Composition Exercise

Image © 2013/Denise Ippolito Photography
Calla Lily, natural light – full frame
Longwood Gardens


When photographing the flower in the image above I considered the background and the framing. The background is often as important as the subject when deciding how to design a flower image. Juxtaposing a flower or several flowers with your subject can add interest. For this image, I chose not to do so because the background flowers went against the natural flow of the image and were more of a distraction than anything else. I chose to blur the entire background by working wide-open while retaining sharpness on the curved edge that initially drew me in. In addition, I’d be able to retain some of the beautiful glow in the flower. For the framing, I decided to include most of the flower; bringing the stem in from the corner added tension to the image. Those were my first thoughts when I created the image above. Once I have captured those thoughts onto paper so to speak I try to fine tune them. See below…

Image © 2013/Denise Ippolito Photography
Calla Lily, natural light, close-up
Longwood Gardens

Now that you have seen my initial capture, I want you to look at the above image, see what I did differently, and try to understand why. First, I came in tighter and focused on creating an image that highlighted the key elements that appealed to me when I first saw the Calla Lily: the curved edge and the curled tip. Next I turned my camera ever so slightly so that my new framing would eliminate that blurred area near the stem. I also made sure that the top edge was eliminated as I felt that it too was distracting. Photographing flowers can be lots of fun and taking your time to think about what you want for your final image can be a rewarding process. I suggest that you try this exercise in composition the next time you go out into the field 🙂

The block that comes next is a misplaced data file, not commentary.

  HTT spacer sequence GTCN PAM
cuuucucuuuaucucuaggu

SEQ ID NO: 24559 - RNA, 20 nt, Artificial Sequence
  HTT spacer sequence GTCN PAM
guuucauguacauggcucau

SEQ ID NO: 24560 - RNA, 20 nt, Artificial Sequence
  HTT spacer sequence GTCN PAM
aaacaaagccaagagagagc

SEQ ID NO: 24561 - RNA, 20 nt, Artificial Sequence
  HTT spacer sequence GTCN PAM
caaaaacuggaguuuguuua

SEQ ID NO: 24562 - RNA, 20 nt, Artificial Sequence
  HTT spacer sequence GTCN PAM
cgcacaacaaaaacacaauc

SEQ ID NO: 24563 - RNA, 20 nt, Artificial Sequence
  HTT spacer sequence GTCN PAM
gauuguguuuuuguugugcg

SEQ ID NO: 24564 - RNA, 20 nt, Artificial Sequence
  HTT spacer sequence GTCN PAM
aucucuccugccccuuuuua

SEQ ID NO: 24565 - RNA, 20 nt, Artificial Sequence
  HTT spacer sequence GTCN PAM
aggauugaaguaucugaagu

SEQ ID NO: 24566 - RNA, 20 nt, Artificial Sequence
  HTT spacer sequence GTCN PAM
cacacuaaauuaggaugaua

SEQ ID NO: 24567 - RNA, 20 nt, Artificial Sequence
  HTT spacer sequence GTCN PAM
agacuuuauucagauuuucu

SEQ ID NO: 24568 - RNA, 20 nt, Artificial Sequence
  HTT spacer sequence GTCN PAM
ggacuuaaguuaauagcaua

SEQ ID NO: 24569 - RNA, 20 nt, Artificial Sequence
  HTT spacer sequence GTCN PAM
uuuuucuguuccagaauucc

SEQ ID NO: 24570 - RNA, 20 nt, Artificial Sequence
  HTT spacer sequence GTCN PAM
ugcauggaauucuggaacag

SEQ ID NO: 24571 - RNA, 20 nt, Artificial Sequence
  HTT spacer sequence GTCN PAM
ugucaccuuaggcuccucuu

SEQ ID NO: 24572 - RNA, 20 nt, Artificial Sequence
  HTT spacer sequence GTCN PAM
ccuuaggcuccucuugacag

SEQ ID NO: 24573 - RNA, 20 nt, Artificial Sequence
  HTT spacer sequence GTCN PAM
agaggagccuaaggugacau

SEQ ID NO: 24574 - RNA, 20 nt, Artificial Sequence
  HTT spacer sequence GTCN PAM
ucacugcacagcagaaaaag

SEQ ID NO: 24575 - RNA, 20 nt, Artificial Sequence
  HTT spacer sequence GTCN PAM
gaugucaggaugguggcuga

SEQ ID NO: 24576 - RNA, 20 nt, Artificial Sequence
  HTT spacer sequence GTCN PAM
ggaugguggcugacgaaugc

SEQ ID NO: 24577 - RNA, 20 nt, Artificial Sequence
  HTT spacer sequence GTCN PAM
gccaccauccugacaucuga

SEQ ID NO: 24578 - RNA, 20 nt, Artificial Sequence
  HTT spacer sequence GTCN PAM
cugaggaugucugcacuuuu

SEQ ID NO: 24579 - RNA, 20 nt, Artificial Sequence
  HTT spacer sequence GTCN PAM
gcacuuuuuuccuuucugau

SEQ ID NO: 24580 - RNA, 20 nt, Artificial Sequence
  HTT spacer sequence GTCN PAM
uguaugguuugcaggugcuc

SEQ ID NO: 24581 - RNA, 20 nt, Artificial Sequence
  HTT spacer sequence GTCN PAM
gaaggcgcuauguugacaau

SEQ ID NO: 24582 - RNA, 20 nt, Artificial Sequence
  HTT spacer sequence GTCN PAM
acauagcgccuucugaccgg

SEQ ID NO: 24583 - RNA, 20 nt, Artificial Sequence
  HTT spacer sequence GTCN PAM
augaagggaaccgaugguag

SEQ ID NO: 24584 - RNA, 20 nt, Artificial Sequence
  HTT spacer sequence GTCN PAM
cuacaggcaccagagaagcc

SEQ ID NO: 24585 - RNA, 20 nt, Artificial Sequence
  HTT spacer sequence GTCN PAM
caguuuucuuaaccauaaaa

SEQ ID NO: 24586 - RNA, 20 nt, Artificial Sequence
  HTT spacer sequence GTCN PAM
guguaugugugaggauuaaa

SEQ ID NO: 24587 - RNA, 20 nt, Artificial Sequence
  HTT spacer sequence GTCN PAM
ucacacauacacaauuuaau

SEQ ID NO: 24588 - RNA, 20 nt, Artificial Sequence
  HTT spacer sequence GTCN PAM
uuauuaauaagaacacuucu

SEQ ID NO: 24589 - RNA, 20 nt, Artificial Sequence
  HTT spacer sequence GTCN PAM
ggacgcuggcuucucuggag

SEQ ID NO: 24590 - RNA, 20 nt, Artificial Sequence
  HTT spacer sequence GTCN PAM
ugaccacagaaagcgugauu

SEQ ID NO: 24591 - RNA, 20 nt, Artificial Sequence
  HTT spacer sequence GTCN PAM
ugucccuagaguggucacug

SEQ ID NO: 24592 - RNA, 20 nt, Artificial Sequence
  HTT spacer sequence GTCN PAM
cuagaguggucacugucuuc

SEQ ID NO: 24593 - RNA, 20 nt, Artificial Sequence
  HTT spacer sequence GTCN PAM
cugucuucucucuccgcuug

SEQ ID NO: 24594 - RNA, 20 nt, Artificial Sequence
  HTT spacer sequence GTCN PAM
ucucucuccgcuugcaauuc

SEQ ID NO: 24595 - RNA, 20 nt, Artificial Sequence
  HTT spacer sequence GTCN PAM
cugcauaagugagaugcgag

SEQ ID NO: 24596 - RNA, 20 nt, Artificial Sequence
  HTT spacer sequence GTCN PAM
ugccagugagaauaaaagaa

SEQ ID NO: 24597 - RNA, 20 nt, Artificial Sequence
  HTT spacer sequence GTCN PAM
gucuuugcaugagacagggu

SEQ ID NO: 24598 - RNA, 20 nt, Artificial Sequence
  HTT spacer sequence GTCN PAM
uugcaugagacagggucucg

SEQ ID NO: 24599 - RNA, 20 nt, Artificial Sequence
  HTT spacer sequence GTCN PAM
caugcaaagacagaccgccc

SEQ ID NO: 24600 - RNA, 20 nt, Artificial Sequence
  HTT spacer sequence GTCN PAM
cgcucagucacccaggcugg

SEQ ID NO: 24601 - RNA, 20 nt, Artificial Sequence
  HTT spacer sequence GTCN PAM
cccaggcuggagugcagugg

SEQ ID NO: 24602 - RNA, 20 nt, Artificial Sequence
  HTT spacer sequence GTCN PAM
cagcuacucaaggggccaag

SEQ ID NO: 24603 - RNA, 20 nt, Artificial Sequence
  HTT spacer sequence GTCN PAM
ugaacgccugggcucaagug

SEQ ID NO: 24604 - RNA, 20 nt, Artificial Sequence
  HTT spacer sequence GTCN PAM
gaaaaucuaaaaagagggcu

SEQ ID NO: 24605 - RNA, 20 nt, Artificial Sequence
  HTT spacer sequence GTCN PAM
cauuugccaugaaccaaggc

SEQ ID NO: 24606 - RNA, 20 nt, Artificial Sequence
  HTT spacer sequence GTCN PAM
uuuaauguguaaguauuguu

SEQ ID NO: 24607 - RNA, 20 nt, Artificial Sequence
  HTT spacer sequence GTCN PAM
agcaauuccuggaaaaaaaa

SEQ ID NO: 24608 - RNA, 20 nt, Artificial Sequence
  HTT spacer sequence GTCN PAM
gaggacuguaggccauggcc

BTW- Both images work, I am just showing different compositions.

If you would like to learn more about composition and flower photography I recommend my upcoming Flower Photography Seminar/Workshop at Longwood Gardens in PA. We will work on image design, creative photography, image processing and much, much more. Limited space available.

Flower Photography Seminar/Workshop March 22-23, 2013 ~ $99 with Denise Ippolito
Sponsored by Hunts Photo

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Don’t forget to check out the MiniMag

Weekend Creative Nature Photography Seminar, Tampa, FL: February 23 & 24, 2013: $149 with Arthur Morris & Denise Ippolito

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14 Responses

  1. Don Schroder says:

    Thanks for the insight. I like the way the sharp edge of the flower leads the eye to the curled tip.

  2. Dennis Bishop says:

    Good suggestions, Denise, and a great example. I liked the first image, immediately. However, the second one really highlights why you were attracted to the lily. Thanks for sharing what you did. And why.

  3. denise says:

    Don, Thank you for commenting, much appreciated.

    Michael, thank you 🙂

    Artie, Thank you. I appreciate your help with the edit of this post.

    Dennis, Thank you, I love the first image but the second one really works for me 🙂

  4. Beautiful images and it is interesting to hear your compositional thought process. Such subtle choices can make such a difference.

    Longwood Gardens is one of my very favorite places. Love seeing it through YOUR eyes!

  5. denise says:

    Katherine, Thank you for your kind words and welcome to my blog!

    Andrew, I appreciate it 🙂

    Anita, Thanks so much for taking the time to comment.

  6. Jimi Jones says:

    Beautiful photographic work, Denise. Filling the frame with the flower and blurring the background looks wonderful. I like the soft look and sharp edge combo. Good stuff.

  7. Pingback: Flowers, in the dark, with a flash and yeah... - Page 2

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